Mar 9, 2006

2 Thoughts on Int'l Women's Day

In honor of International Women's Day, or perhaps because it reminded me of a couple of things, just a short post about two things tonight before I'm off to bed.

First, I've heard some progressive South Asian sisters mention the fact that there aren't a lot of good (hetero) progressive men out there. Even I have bemoaned the fact that there aren't a lot of progressive hetero men out there, albeit for a different reason. Or at least men willing and/or able to take more leadership (but that?s another post altogether).

Even more broadly than just in the desi community, while sitting in my requisite campus meetings around issues concerning human rights, public interest lawyering, and other positive and progressive issues, it is hard not to notice the obvious gender disparity, even as it is not represented in the tenured faculty (less than 25% of our tenured faculty are women).

But back to desi organizations and organizing. There just aren't very many hetero men who are doing this work, which makes it very strange to be in spaces where you are the clear minority, but you still hold certain gender-based privileges. How do you negotiate that? And how do you navigate the slippery slope of personal and romantic interactions (if you're single) in a setting where you're in such a peculiar position as a "wanted" partner? It just seems complicated, and unfortunate, that the gender gap is so great.

Do we chalk it up to the ability of women to move beyond the expected work paradigm and see the importance of community work? Or is it that this work is undervalued (it is) and women have taken the flag because community conventions frown upon non-capitalist leanings? Whatever it is, the gender imbalance is striking.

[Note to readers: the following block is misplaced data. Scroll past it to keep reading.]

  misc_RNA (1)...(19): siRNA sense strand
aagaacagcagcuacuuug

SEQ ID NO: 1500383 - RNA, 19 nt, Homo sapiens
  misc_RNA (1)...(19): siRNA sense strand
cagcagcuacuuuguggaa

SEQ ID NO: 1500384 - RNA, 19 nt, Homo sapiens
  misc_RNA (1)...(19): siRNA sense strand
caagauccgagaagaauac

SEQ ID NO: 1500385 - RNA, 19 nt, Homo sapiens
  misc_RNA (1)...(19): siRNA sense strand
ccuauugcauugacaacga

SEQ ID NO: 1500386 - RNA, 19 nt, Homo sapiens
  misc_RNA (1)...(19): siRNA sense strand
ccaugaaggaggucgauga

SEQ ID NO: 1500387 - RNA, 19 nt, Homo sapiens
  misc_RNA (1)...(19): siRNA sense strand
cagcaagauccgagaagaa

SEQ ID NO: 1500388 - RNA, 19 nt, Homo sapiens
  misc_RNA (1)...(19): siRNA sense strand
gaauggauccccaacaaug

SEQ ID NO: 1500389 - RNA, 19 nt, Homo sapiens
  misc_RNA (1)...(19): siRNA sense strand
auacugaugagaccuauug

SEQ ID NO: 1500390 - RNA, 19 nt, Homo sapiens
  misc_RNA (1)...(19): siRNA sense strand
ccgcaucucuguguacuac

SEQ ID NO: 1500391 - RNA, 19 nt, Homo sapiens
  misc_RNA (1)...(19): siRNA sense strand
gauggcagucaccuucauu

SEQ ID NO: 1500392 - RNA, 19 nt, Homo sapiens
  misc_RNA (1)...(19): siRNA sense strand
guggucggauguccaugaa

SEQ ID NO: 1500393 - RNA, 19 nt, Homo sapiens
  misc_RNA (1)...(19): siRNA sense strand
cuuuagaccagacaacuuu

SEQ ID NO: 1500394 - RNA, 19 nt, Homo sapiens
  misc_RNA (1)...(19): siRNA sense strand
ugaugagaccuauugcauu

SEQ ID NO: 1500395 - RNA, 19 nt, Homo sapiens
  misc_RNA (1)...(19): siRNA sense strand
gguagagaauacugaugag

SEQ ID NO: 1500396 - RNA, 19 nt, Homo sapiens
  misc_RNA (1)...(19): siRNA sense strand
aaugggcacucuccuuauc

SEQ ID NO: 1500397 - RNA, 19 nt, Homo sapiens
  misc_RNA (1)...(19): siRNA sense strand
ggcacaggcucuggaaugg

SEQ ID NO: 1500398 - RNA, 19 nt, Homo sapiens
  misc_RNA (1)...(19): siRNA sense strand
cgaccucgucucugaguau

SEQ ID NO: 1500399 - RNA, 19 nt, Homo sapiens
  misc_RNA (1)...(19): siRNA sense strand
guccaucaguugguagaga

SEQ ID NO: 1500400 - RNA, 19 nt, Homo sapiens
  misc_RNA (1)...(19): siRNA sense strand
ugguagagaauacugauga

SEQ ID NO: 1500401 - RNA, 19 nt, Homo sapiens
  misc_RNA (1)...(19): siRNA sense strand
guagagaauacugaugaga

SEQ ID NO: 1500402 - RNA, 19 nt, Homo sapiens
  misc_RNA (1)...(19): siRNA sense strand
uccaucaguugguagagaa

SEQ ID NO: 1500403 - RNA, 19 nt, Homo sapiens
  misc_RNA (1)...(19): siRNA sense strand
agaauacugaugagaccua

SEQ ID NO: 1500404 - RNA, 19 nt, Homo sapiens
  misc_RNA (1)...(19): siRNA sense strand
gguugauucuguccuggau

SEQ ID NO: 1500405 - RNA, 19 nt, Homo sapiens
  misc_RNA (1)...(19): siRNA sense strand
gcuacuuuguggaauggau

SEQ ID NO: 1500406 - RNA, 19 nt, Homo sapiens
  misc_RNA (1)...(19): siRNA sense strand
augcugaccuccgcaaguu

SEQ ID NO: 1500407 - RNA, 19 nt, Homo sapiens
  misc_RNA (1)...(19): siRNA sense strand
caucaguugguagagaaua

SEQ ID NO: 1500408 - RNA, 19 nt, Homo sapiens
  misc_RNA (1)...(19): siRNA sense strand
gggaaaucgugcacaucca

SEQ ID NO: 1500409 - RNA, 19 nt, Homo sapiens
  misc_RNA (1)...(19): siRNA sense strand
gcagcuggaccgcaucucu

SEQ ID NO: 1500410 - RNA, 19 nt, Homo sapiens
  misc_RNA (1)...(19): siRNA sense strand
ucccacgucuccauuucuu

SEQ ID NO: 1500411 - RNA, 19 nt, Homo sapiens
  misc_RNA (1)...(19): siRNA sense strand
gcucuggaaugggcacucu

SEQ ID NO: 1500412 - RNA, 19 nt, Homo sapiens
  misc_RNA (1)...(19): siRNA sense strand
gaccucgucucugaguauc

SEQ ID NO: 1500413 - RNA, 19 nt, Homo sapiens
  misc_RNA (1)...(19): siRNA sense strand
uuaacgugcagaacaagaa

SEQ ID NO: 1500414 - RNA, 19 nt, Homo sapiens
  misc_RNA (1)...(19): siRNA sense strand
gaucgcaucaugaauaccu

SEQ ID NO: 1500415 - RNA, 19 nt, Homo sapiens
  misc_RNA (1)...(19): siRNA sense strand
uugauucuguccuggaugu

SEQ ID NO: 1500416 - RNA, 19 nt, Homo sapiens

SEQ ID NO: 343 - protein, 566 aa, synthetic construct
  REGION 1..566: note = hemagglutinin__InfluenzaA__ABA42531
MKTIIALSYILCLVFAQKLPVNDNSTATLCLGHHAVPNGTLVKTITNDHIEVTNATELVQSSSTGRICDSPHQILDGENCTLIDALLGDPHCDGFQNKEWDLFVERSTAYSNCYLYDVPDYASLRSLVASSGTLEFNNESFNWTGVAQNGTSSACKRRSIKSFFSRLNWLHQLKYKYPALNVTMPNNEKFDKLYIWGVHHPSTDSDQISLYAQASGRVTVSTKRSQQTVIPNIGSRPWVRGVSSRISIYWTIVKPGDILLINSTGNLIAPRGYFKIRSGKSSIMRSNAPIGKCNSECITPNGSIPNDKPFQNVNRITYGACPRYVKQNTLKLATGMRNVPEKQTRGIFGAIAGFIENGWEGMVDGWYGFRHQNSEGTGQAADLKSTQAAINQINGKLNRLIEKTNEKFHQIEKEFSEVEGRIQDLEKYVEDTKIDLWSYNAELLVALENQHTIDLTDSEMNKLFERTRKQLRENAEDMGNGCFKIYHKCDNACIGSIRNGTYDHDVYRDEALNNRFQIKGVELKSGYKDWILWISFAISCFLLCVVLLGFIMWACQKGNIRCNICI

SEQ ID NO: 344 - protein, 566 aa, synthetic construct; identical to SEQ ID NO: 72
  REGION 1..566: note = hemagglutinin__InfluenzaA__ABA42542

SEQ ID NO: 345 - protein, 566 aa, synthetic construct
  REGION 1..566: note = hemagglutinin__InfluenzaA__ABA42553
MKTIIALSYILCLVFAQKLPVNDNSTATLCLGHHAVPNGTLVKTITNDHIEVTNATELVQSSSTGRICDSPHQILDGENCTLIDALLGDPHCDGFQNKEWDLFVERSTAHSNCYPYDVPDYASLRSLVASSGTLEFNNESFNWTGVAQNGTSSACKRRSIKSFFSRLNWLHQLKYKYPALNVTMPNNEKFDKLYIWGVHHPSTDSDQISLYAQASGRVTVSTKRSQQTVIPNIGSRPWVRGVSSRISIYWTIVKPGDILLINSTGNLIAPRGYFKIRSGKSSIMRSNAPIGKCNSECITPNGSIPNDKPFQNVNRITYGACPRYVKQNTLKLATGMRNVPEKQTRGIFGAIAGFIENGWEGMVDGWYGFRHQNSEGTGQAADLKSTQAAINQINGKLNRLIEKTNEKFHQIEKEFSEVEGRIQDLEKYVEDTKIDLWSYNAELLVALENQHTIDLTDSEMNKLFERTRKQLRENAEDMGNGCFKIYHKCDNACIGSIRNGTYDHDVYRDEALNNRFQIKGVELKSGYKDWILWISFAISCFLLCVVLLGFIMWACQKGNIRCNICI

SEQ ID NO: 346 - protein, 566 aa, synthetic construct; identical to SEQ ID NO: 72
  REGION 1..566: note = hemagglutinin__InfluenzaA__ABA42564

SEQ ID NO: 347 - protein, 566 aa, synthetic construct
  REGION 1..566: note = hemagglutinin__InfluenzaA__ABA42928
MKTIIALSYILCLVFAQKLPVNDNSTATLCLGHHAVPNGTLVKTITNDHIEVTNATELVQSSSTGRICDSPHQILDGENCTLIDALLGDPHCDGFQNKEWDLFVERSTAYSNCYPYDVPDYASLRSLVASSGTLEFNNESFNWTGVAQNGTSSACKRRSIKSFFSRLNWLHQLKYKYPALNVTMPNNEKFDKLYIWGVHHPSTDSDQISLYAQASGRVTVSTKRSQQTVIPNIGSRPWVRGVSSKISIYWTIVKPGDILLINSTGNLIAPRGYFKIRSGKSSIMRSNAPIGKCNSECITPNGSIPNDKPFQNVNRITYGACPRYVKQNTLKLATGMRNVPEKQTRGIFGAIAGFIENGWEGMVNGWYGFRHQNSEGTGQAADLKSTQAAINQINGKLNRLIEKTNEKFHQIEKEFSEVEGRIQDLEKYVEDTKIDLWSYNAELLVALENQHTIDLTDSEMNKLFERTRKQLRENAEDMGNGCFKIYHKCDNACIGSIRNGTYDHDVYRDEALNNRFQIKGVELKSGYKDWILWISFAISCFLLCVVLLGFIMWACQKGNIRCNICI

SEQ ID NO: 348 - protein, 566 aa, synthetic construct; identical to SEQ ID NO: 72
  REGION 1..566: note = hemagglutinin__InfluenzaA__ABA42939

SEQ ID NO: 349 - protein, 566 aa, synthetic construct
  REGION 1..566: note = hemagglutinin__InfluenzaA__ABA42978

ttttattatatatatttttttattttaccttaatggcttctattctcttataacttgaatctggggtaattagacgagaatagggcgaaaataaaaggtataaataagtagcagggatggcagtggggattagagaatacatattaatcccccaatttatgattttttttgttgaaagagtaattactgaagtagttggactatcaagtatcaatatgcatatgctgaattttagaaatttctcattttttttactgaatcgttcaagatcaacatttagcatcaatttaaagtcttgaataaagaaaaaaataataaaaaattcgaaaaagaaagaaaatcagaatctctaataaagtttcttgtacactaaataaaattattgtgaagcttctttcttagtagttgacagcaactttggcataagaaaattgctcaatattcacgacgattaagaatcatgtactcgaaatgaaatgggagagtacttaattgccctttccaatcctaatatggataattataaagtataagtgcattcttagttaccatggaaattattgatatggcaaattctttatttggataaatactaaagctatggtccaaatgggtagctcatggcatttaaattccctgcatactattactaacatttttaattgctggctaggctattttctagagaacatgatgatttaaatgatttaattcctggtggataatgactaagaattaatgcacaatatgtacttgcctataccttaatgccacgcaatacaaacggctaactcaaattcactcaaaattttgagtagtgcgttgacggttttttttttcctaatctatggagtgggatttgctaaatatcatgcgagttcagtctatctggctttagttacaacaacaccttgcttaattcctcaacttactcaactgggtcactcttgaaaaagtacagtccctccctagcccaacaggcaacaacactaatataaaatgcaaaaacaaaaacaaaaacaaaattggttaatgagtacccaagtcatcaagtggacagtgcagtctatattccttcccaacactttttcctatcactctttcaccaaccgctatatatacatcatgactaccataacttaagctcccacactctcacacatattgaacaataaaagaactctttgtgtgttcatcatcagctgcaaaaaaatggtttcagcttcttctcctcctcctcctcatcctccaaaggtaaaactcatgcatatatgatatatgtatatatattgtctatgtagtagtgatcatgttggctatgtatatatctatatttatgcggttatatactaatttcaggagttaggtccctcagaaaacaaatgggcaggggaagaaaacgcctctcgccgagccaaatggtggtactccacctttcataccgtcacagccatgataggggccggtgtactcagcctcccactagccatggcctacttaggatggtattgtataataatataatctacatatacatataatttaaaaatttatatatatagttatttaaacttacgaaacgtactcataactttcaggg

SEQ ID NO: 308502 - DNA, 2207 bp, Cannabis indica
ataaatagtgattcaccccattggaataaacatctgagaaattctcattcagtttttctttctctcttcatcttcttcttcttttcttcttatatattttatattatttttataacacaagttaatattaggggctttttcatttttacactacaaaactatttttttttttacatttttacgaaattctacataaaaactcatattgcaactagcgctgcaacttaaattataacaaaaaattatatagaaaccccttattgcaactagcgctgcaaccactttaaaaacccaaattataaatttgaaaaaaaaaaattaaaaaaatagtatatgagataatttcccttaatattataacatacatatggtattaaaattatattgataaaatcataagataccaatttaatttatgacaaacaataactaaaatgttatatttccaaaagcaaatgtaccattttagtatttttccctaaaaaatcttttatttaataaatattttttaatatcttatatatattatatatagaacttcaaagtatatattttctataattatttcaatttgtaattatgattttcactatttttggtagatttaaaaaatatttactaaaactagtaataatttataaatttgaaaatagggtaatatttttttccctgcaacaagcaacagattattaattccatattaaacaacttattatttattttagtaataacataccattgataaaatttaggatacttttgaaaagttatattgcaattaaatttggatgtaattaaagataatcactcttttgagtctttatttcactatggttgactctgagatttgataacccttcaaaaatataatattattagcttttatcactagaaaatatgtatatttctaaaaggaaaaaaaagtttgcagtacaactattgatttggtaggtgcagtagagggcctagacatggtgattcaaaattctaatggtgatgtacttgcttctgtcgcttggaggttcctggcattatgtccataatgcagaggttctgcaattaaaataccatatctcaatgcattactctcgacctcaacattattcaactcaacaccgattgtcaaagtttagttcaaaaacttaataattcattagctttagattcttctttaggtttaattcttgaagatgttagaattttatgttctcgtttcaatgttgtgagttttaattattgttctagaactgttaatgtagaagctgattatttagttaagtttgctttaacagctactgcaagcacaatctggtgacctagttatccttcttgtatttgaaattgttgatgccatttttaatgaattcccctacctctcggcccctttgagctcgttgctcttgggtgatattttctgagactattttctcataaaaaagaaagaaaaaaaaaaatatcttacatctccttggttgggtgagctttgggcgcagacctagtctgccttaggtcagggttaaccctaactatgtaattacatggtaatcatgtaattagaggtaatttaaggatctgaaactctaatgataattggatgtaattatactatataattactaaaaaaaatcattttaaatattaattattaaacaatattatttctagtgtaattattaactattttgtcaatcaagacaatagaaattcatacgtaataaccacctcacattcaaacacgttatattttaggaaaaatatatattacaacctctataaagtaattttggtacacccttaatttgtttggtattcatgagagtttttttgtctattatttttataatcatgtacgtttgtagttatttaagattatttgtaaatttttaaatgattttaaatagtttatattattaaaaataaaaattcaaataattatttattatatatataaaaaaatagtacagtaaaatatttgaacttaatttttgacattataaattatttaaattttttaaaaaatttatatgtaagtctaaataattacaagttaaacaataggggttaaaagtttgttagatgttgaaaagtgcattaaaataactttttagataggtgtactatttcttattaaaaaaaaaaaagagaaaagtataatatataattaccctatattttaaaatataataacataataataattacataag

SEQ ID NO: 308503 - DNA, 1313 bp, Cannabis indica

Which leads me to my second observation for the night on gender. A lot of attention has been paid to India in the media and the blogosphere in the past week, in the wake of President BushÂ?s first visit to the nation. Amidst the reports concerning the nuclear deal with India, a think tank in the United Kingdom released a report that estimates that upwards of 10m girls may have been aborted in India over the past 20 years. The report has been hotly contested, with some saying that this is a ploy to make India look bad, and more rational minds stating that the true numbers are grim, but not 500,000 a year. One researcher estimates that between 1994 - 2001, 1.5m female fetuses were killed. Regardless, these numbers are crazy.

Call it female infanticide, gender selection, or even gender genocide, the numbers are staggering. Whether 1.5m or 10m, can you imagine how many people that is? There are only 2.1m South Asians in all of the United States, of all ages. This isn't a state-sponsored system of forced sterilization (though one could argue that the state is responsible for the poverty that pervades all areas of India, which combined with a traditional culture steeped in patriarchy, makes it less surprising that families are making this terrible choice concerning girls).

But my question is, while I find the whole situation reprehensible, do I feel that way because of the cumulative effect of the numbers? At some point, for each woman and family, isn't it their individual choice of what they want to do in their family? How does someone who has fought for the right of a woman to choose whether or not she wants to end a pregnancy reconcile that commitment to choice with the situation in India when that choice is being used in what seems to be a clear bias against female children? Do you argue that it's a (poly)cultural bias
in India and an outlier in the broader movement for safe contraception and effective birth control? Or do you find a way to show conditional support for a woman's right to choose, provided that this kind of phenomenon does not arise? Can you show conditional support for a position and still really be a strong advocate for it?